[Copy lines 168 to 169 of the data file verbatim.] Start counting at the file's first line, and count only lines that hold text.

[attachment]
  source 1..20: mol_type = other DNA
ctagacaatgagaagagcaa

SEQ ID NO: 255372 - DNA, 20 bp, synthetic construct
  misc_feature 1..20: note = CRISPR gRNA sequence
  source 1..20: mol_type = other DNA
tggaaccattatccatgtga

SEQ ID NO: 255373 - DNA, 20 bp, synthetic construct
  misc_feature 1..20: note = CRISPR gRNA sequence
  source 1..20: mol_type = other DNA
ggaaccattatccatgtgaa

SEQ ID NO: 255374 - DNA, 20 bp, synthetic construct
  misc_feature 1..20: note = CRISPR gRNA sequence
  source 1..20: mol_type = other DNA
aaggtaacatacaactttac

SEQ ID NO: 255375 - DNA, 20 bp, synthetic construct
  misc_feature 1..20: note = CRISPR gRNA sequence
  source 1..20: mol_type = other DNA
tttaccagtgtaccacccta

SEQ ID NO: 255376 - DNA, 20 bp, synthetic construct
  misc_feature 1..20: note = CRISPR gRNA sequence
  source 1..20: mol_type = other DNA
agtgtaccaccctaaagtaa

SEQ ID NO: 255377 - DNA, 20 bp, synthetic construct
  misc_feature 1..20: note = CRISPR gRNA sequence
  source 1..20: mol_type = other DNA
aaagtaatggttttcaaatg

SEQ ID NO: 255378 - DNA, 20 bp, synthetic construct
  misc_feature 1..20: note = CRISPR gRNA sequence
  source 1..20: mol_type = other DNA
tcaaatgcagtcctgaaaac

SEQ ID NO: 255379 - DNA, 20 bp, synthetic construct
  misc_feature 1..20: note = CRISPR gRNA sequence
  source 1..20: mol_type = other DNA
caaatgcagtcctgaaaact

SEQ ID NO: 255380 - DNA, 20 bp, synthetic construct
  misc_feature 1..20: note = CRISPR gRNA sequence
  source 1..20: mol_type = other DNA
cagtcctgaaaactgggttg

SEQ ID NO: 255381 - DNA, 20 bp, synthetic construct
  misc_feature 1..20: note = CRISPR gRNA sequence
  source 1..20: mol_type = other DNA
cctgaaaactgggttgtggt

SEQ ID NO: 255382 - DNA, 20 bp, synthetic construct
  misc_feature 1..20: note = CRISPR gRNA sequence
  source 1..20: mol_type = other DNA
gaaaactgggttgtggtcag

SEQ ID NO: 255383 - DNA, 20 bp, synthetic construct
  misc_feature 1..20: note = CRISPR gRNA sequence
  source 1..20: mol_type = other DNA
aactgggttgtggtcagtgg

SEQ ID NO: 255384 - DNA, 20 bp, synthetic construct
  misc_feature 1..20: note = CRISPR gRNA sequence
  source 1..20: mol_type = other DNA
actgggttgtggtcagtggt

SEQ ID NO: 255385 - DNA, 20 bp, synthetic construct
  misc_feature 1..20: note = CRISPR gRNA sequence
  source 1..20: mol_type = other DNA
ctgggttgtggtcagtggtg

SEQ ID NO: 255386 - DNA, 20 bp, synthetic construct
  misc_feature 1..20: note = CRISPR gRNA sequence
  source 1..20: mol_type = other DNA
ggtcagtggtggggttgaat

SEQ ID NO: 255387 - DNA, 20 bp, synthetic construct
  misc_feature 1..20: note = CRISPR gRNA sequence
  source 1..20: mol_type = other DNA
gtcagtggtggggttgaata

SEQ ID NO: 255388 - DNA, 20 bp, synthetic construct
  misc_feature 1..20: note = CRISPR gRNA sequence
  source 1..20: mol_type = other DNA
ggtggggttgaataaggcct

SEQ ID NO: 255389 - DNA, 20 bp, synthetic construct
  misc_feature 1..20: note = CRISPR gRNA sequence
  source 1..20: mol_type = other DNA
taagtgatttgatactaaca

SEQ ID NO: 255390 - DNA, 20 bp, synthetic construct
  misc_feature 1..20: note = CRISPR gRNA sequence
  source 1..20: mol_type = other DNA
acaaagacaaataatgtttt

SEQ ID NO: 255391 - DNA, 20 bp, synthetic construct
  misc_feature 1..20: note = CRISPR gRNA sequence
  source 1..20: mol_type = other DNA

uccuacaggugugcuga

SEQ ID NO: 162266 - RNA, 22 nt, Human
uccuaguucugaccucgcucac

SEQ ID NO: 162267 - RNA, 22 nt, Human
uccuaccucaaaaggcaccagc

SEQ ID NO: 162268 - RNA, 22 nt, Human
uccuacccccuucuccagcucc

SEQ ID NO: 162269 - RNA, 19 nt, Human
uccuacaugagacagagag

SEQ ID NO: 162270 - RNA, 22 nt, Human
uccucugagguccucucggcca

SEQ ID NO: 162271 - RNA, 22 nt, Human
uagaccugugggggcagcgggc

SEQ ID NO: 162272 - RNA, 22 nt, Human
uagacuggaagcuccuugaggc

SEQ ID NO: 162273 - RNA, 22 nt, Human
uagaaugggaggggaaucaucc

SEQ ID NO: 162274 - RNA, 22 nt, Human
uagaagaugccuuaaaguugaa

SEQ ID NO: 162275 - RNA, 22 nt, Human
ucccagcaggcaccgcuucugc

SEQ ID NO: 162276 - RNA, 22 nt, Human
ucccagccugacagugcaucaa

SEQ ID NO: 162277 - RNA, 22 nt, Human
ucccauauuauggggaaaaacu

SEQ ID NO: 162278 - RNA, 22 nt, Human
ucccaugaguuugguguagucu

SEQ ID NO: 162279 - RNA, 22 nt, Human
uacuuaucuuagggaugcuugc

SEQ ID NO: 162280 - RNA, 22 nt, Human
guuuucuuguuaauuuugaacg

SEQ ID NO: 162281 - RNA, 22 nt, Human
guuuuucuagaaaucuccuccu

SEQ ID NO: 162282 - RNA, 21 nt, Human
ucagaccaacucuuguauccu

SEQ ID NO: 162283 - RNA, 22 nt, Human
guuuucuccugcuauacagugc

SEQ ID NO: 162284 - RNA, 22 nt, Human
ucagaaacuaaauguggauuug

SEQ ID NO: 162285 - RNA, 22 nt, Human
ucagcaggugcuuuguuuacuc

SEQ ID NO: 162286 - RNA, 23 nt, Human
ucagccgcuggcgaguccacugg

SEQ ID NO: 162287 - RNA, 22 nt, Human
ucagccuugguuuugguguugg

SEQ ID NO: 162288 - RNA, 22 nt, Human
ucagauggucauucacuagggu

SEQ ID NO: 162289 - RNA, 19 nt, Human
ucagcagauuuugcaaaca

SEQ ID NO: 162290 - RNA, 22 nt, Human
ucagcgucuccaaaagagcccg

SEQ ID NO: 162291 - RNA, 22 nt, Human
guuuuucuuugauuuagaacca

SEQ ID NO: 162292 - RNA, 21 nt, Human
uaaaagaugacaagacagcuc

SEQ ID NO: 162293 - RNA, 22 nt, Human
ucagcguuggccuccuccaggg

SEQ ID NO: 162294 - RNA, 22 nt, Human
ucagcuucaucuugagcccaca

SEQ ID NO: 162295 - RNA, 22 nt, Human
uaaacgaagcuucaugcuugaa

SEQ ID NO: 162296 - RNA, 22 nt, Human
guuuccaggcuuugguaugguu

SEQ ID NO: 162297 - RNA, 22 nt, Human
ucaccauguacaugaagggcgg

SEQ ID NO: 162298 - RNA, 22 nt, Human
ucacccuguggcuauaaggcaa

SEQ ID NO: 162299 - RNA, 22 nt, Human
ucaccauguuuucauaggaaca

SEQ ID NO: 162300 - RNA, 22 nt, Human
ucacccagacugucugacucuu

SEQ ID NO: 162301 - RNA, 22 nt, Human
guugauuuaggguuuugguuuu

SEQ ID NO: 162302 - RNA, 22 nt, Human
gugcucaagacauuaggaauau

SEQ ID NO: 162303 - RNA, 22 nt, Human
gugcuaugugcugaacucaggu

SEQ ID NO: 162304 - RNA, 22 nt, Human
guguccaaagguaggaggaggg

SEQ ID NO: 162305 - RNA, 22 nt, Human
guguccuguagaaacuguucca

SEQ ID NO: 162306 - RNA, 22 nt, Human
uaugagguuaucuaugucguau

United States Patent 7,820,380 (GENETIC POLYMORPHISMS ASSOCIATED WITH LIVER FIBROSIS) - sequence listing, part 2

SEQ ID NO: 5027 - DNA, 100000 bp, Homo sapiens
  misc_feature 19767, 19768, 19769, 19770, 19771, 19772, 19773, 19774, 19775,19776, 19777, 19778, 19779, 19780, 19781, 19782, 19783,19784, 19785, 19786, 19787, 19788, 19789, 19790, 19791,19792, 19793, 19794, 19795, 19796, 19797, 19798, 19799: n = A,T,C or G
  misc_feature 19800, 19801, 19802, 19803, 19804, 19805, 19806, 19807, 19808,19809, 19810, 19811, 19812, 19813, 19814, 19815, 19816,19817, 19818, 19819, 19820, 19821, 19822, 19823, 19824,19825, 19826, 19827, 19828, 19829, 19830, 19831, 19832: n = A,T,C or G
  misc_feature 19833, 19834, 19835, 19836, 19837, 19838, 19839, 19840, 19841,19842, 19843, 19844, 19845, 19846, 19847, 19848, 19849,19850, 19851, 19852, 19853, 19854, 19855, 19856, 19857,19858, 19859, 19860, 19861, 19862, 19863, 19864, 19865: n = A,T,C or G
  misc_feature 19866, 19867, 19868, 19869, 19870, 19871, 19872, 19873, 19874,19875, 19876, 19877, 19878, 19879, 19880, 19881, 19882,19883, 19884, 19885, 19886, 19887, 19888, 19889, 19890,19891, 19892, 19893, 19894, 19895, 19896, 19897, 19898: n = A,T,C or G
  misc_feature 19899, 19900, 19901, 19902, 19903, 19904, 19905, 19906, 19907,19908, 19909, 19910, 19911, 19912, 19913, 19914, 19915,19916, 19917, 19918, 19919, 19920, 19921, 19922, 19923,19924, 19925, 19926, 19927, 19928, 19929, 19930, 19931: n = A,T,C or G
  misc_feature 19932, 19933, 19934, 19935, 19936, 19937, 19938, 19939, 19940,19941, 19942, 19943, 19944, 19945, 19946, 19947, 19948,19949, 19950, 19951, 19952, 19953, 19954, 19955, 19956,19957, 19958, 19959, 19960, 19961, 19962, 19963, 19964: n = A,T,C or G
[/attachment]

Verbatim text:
  misc_feature 19800, 19801, 19802, 19803, 19804, 19805, 19806, 19807, 19808,19809, 19810, 19811, 19812, 19813, 19814, 19815, 19816,19817, 19818, 19819, 19820, 19821, 19822, 19823, 19824,19825, 19826, 19827, 19828, 19829, 19830, 19831, 19832: n = A,T,C or G
  misc_feature 19833, 19834, 19835, 19836, 19837, 19838, 19839, 19840, 19841,19842, 19843, 19844, 19845, 19846, 19847, 19848, 19849,19850, 19851, 19852, 19853, 19854, 19855, 19856, 19857,19858, 19859, 19860, 19861, 19862, 19863, 19864, 19865: n = A,T,C or G